Brian Wilson Entrances Bristol on Eve of 'Pet Sounds' 50th Anniversary

Brian Wilson Entrances Bristol on Eve of 'Pet Sounds' 50th Anniversary


Brian Wilson Entrances Bristol on Eve of 'Pet Sounds' 50th Anniversary news

The Beach Boys album Pet Sounds has been a milestone twice over. When it was released, 50 years ago today, it was rock & roll’s coming of age: a sui generis album of healing songs about painful emotions, informed by jazz, hymns, Spectorian pop, classical music and exotica. In 2001, after the long period in exile documented in recent biopic Love and Mercy, Wilson began performing the whole thing to rapturous receptions, helping establish the practice, now ubiquitous, of playing classic albums in full. This tour will be the album’s final outing — and perhaps Wilson’s, too — but it’s a long goodbye. It’s somewhat ironic that an album that Wilson was only able to create because he quit touring will keep the 73-year-old on the road until deep into the fall. 

Pet Sounds is sometimes regarded as a Wilson solo album, mostly recorded with crack L.A. session musicians and lyricist Tony Asher while his bandmates were out of the way, but he needs a mess of help to stand alone. His current 11-strong band includes original Beach Boy Al Jardine, his son Matt, early Seventies member Blondie Chaplin, and cheerful veterans of the 2001 shows. Carl and Dennis Wilson are long gone, and there is no need for Mike Love, who famously loathed Pet Sounds for breaking from the winning sunshine-and-cars formula.

After years of touring, Wilson looks less shell-shocked than he did during the 2001 shows but he is nobody’s idea of a natural performer. Sitting at a black baby grand, he never smiles and introduces songs like he’s barking safety instructions through a P.A. system. Although he takes many lead vocals, his band is acutely sensitive to his fallibility. When he drops a line, one of the Jardines steps in to keep the song airborne.

The first half of the two-hour show gallops through Beach Boys highlights before and after Pet Sounds, framing the album as a small island of fragility. The likes of “California Girls” and “I Get Around” made Wilson the laureate of American adolescent exuberance but “In My Room”‘s reclusive doo-wop says more about Wilson’s own state of mind than all the hits put together. Only “Heroes and Villains” represents Smile, the vaulting art-pop extravaganza, not finished until 2004, that broke Wilson’s control over the band and forced him into a defensive crouch.

Chaplin brings a dissonant jolt of alpha-male energy to the show during three beefed-up songs from 1967’s Wild Honey and 1973’s Holland. The South African guitarist played with the Rolling Stones for over a decade and swaggers like he never left. When he roams the stage, soloing in his bandmates’ faces, Wilson places an awkward hand on his shoulder like someone trying to placate a hostage-taker. This is robust, extroverted rock music deployed as a prelude to an album that is none of those things.

After the interlude, the Pet Sounds section opens with a recording of studio chatter from 1966, a neat reminder of how much labour it took to get the album right. Pet Sounds‘ power lies in the contrast between the music’s prodigious maturity and the lyrics’ fear of adulthood. Unable to navigate the world, Wilson constructed his own little empire in the studio, a more sociable version of the refuge he described in “In My Room”: “a world where I can go and tell my secrets to.” Many of the songs speak of anxiety, guilt, loneliness and alienation and even its purest love song, “God Only Knows,” dwells on the prospect of love being taken away. It’s not just the choral harmonies that give Pet Sounds a religious quality. The whole album reveals a frightened young man hoping to be transformed and redeemed by music. During “I Just Wasn’t Made for These Times,” Al Jardine sings “I guess he just wasn’t made for these times,” and points to Wilson, suggesting that the diagnosis is no less true today.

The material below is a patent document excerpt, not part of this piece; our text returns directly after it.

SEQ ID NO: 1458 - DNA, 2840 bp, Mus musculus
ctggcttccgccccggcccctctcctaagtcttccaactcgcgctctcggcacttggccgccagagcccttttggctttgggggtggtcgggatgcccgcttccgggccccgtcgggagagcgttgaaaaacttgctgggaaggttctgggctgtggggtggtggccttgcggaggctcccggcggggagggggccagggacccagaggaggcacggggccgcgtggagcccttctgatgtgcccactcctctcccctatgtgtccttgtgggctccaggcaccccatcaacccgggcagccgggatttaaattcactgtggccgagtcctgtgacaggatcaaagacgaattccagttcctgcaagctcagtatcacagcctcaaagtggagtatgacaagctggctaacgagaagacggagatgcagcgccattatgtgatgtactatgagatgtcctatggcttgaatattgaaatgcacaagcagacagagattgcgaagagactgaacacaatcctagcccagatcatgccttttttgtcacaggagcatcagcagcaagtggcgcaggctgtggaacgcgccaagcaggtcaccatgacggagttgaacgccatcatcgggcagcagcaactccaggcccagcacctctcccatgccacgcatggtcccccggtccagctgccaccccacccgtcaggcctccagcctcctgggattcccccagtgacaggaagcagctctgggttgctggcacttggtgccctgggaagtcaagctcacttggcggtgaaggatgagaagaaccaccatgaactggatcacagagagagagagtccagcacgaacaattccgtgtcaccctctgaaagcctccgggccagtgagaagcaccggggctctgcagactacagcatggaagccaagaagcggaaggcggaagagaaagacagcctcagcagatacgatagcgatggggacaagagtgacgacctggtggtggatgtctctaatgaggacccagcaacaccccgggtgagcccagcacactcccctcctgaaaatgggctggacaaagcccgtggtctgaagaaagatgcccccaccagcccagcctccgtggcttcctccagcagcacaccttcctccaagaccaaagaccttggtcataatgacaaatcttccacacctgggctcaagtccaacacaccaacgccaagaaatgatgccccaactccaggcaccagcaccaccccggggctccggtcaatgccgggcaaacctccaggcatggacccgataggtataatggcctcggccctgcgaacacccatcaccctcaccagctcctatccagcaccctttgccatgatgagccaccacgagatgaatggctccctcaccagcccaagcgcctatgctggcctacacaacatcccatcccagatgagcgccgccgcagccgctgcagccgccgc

In Love and Mercy one of the musicians at the Pet Sounds sessions assures the nervous Wilson that he’s a genius, mastering things that nobody else is even attempting. Try to diagram the arrangements on these songs and that claim holds true. Any bar band can make a decent fist of “Barbara Ann” but none would try their luck with the elaborate chamber-pop of “Here Today.” Band members grab new instruments — French horn, xylophone, theremin, myriad forms of percussion — for just a few bars on a single song, then never touch them again. The singing is exquisite, with Matt Jardine standing in for the angelic Carl Wilson, but the instrumental “Let’s Go Away For a While,” expanded into lush, symphonic jazz, drives home the fact that you could remove all the voices from Pet Sounds and it would still be extraordinary. Its delicate magic requires careful handling though. When Chaplin reappears during the title track to play tambourine with Jaggerish flamboyance he could not look more out if place if he were to strip naked. It takes the divine sadness of “Caroline No” to restore the spell.

The audience responds to the album with reverential hush, broken only by a standing ovation for “God Only Knows,” before the encore, starting with “Good Vibrations,” brings fans out of their seats to dance in their aisles. The contrast is striking. The encore, like the first half, is raucously enjoyable rock & roll, but after half a century Pet Sounds is still something else entirely.